Pinky promise leads to a sodden day out
IT is an un-Queensland-like Queensland day in July, but there is no escaping a little-fingers-entwined pinky promise. My daughters detect reluctance on my part. “Dad, you do want to go, don’t you?” It’s cold, it’s going to rain, the tickets are expensive. “Can’t wait,” I reply. “Let’s do Wet’n’Wild Gold Coast.”
Once through the gates, Calypso Beach invites us to “float down a lazy river” but is instead “closed for renovations”. I imagine that I am Clark Griswold, as played by Chevy Chase in National Lampoon’s Vacation, whose family, after an arduous journey across the US, from Chicago to Los Angeles, arrive at Walley World, billed as “America’s Favorite Family Fun Park”, to find it closed for renovations. Clark loses it, but I decide to stay calm.
Wave Beach is open but looks unpromising: a large, still, empty pool guarded on all sides by male lifeguards clad in red and yellow, looking too cool for their designer sunglasses and possibly too cool for visitors. Feeling a tad conspicuous I entertain the audience with some “Dad moves” as the waves start up.
Daunted (scared, in fact), we wander aimlessly past towering rides: Blackhole. Kamikaze. Mach 5. Tornado. We venture into Buccaneer Bay, the pirate-themed pool for little ones. I begin to relax, reclining in a patch of sun, when my daughters, aged eight and 12, too old to be classed as “little”, are ejected by another seriously cool lifeguard. We move on.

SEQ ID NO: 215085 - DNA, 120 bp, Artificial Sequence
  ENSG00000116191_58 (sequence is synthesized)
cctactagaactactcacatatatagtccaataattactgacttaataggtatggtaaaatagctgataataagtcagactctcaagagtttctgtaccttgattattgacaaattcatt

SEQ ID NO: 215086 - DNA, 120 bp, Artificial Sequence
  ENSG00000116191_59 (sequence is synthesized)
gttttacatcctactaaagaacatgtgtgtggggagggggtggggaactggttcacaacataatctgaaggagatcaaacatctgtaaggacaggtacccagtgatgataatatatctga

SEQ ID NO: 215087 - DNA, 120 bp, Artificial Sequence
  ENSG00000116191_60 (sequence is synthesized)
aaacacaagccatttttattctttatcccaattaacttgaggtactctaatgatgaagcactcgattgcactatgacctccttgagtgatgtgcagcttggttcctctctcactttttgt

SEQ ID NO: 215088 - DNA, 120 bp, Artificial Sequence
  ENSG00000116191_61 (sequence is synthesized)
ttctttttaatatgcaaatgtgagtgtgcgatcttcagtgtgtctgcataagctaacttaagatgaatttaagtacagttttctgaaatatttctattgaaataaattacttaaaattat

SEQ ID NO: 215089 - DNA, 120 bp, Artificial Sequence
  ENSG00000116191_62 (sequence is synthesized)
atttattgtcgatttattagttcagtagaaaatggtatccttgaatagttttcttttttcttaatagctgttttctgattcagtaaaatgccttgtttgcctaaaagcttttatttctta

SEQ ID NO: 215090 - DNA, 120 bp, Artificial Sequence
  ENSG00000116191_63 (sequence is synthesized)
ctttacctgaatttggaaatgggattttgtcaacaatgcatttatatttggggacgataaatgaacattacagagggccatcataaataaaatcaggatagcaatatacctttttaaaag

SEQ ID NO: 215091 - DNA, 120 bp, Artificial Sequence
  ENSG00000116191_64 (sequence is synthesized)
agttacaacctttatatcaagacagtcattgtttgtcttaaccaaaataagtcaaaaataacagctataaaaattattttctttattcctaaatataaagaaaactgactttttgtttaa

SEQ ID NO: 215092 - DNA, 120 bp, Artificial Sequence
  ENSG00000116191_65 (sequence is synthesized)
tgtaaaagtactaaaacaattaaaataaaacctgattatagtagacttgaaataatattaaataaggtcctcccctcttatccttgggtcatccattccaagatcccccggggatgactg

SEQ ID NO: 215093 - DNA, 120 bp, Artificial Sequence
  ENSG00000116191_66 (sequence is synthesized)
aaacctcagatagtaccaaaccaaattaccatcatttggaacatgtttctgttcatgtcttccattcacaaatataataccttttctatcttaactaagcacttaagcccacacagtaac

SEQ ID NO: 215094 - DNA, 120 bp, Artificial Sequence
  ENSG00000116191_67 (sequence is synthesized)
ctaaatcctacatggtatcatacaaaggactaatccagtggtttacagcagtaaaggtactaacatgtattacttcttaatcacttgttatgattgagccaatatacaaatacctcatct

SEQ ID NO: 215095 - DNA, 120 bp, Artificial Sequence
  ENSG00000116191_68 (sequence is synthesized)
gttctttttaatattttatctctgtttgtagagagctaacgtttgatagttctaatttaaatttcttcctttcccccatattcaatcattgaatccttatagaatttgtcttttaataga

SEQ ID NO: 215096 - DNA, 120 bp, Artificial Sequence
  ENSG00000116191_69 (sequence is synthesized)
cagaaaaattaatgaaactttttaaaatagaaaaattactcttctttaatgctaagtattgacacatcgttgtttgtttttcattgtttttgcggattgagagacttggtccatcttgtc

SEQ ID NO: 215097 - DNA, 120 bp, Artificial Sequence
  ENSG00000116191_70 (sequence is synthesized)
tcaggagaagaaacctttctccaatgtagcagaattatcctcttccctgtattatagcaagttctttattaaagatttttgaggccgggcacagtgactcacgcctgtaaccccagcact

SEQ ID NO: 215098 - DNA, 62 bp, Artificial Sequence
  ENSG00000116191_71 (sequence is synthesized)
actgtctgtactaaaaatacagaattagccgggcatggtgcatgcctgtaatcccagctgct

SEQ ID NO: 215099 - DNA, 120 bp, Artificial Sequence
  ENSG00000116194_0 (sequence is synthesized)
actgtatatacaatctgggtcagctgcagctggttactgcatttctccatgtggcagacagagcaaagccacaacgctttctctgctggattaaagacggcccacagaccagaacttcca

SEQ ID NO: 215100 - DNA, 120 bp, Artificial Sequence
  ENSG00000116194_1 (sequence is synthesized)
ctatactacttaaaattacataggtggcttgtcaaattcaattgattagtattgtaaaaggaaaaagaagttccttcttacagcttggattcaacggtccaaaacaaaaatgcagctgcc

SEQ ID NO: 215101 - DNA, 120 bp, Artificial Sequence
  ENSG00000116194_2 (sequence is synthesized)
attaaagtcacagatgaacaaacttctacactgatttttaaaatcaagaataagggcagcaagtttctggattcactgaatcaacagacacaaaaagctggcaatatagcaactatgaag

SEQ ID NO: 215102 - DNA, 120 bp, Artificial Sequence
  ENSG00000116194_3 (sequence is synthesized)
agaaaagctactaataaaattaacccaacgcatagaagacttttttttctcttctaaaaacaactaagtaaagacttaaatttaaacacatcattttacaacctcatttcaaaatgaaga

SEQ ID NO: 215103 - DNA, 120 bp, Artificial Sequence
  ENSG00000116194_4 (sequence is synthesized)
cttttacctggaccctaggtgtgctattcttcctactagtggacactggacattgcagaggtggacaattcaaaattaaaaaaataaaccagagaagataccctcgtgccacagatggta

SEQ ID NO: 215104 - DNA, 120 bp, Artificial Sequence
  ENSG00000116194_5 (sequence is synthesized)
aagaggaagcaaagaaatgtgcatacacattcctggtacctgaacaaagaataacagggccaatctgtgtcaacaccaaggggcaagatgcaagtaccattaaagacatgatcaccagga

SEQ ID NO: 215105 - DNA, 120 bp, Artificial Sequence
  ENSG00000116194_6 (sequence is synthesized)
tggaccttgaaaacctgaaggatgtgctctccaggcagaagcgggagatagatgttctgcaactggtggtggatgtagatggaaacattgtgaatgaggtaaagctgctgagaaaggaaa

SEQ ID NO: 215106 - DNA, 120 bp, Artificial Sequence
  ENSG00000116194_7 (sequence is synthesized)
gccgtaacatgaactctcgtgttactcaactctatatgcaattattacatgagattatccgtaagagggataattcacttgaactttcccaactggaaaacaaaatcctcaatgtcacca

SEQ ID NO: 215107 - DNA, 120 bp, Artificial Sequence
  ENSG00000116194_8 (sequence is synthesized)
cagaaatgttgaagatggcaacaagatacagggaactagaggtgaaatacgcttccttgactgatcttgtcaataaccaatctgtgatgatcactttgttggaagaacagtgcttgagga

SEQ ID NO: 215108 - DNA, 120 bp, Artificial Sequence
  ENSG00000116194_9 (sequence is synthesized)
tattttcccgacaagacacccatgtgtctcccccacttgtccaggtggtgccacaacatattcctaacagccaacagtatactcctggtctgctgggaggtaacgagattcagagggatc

Time for a real ride: The Super 8 Aqua Racer. Lowthrill rating: excellent. “Off you go,” I tell the girls, “I’ll watch from the bottom.” “No way, Dad,” they insist. “You are coming with us”. A female lifeguard expertly calms our nerves and we plunge into a Wet’n’Wild routine: Sandals, thongs and towels (note to selves: leave them in the lockers next time, and remember to wear rashies) are deposited at each ride as we have four or five goes on each. I keep myself mildly entertained: admiring “yummy mummies”, telling Dadstyle jokes and flirting with our favourite lifeguard. At Mammoth Falls the enjoyment-to-scariness ratio is ideal (it’s a doddle). We share one inflatable, doing a different pose each time we float below the camera.
Next is an “Extreme H2O” ride known as the Black Hole. We fly through the darkness in tandem, our challenge not so much claustrophobia as a lost thong. Above the River Rapids a toddler sits at the launch pad, decked out in an array of flotation devices, poised for his solo release down the chute; lifeguards are planning his mission by walkie-talkie. The boy, rigidly unmoved, resists the privilege of a “fast-paced fully encapsulated” slide for “adrenaline junkies” as I airily descend the open air flume rated “perfect for the kids”.
I’m not sure if the ground-level lifeguard is briefed for my arrival but I hope so when I panic, momentarily disoriented in a 40cm wall of foaming water. By lunch time it’s no warmer. Hypothermia could well set in. We carry on. I picture Mum, luxuriating somewhere (Burleigh Heads?) with alcohol, nibbles and sunshine. But she can’t sip wine and ride the enclosed flume slide known as the Constrictor, ha ha. I’m up for our next challenge and head for the top.
When it’s time to leave I reflect that I’m poorer, shivering, have a chafing problem, sore biceps and chlorinated hair, but it’s been a fun family day. I didn’t resort to doing a Griswold, and a beer at the surf club at Coolangatta awaits at the end of the Pacific Motorway. There may be more pinky promises to negotiate, however, as apparently Wet’n’Wild Sydney is pretty good, not to mention a few of the Gold Coast’s other themed Worlds. • wetnwild.com.au
Buccaneer Bay is one of Wet’n’Wild’s calmer spots, aimed at smaller kids